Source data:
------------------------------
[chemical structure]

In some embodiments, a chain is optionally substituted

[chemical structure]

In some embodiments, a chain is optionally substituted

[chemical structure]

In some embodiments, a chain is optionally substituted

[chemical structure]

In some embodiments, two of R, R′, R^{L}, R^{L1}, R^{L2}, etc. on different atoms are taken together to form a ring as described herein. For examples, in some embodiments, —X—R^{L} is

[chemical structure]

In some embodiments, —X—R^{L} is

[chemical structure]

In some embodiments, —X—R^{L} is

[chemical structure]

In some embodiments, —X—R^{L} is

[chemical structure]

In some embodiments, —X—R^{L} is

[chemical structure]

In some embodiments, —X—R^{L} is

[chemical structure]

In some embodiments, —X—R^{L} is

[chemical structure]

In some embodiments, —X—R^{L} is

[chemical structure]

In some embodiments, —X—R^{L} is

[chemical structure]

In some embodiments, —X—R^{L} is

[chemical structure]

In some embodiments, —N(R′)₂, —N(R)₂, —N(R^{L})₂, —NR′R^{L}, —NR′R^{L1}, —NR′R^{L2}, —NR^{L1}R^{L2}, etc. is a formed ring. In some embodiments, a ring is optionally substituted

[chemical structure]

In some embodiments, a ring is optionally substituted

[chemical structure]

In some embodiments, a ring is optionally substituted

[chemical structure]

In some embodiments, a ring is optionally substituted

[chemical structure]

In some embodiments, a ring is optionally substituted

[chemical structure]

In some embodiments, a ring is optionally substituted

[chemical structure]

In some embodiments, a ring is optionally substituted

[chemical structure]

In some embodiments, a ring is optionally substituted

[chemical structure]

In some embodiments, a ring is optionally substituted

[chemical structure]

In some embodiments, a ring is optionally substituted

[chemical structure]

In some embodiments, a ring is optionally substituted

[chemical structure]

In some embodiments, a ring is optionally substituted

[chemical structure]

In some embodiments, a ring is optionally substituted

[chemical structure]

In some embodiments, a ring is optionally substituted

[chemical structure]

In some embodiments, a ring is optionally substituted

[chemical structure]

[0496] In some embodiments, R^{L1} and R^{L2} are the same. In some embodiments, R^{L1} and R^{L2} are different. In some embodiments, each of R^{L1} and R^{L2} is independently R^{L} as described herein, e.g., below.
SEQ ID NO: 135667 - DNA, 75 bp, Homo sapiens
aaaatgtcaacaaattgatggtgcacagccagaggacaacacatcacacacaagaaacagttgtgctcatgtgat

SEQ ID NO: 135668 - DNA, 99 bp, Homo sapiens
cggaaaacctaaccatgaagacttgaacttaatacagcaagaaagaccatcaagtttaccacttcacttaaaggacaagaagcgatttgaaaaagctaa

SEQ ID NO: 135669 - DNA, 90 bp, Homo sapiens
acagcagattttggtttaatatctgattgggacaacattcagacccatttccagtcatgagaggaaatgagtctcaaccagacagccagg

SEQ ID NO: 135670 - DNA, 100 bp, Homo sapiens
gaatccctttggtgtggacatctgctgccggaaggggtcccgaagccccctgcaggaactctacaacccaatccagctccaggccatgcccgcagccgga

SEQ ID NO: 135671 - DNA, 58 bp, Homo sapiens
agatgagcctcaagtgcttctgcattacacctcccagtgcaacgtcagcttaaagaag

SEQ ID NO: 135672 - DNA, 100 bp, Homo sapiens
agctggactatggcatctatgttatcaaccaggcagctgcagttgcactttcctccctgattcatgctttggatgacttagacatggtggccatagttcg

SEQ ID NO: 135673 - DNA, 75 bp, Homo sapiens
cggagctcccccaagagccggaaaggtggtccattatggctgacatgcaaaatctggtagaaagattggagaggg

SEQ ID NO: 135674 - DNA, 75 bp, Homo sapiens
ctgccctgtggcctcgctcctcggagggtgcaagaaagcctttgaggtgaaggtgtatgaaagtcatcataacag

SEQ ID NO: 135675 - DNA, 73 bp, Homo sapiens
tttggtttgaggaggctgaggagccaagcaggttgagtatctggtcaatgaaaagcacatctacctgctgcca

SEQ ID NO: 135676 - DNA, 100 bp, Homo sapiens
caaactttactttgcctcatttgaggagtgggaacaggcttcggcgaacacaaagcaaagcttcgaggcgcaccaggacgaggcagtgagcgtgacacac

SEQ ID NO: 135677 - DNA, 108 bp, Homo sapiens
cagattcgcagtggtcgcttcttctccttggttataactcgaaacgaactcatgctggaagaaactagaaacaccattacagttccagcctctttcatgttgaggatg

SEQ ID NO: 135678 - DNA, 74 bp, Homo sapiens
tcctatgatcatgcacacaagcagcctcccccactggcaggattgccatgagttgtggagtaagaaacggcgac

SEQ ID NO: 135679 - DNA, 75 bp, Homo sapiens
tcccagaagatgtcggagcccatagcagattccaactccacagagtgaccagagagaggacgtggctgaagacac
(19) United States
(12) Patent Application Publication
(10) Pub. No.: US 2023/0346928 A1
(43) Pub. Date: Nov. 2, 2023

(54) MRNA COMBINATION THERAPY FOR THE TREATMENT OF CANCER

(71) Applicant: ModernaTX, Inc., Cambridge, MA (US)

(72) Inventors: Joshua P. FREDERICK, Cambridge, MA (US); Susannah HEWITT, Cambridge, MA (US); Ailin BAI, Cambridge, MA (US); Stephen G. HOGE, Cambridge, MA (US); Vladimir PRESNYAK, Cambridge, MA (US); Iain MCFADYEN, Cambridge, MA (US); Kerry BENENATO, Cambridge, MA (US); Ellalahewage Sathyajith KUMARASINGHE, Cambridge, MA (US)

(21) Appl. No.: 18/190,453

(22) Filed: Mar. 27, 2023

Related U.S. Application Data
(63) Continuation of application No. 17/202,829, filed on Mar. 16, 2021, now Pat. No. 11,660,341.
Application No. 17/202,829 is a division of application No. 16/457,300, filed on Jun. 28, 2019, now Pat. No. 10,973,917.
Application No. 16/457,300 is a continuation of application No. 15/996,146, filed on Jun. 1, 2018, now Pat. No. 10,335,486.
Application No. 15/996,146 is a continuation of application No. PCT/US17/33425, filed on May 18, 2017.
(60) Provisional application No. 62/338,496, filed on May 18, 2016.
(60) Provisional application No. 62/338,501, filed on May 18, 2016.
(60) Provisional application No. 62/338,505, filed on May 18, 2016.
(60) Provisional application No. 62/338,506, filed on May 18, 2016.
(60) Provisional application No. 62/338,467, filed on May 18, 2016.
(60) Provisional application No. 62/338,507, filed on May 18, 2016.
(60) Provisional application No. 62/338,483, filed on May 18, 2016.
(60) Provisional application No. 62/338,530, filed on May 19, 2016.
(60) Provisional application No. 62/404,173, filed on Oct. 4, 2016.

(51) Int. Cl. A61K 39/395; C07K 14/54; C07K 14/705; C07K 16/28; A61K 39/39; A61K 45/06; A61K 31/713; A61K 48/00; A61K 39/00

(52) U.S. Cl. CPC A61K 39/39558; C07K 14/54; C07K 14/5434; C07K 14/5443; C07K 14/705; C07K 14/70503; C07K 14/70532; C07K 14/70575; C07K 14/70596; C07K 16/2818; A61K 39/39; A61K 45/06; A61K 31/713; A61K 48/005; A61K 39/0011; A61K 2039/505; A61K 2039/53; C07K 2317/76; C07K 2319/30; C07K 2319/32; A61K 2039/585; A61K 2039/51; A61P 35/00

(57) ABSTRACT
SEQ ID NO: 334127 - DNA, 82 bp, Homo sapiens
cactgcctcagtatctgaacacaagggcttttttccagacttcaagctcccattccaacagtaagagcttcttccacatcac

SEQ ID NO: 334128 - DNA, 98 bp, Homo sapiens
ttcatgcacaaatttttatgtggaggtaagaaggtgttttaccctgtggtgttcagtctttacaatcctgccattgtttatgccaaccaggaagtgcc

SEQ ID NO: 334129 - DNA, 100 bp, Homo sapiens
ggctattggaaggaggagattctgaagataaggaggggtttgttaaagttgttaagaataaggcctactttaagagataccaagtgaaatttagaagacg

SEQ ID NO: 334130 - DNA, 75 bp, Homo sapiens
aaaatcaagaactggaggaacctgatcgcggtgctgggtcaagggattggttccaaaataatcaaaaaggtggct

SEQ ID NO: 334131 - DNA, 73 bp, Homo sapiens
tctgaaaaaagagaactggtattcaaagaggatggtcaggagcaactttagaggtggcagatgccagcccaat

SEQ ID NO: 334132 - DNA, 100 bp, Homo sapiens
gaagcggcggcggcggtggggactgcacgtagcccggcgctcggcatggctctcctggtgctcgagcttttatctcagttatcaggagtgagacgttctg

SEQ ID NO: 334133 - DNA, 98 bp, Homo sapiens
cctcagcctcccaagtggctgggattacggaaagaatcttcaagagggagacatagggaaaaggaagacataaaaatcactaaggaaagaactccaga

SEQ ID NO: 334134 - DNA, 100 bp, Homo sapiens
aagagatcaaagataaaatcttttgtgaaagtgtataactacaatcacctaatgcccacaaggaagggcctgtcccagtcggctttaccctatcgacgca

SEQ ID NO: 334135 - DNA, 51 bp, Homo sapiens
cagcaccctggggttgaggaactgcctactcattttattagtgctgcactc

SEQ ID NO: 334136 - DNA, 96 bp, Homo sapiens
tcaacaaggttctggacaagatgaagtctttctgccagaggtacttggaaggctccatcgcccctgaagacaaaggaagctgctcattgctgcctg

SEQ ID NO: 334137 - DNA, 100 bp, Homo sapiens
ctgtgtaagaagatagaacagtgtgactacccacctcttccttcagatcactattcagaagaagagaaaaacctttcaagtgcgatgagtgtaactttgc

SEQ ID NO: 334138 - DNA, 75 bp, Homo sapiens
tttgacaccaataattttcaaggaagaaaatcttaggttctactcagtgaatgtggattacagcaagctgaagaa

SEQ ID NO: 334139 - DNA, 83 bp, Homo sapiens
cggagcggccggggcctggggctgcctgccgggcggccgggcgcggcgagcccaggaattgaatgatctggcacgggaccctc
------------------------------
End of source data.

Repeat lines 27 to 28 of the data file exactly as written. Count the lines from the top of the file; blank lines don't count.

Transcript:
[chemical structure]

In some embodiments, —N(R′)₂, —N(R)₂, —N(R^{L})₂, —NR′R^{L}, —NR′R^{L1}, —NR′R^{L2}, —NR^{L1}R^{L2}, etc. is a formed ring. In some embodiments, a ring is optionally substituted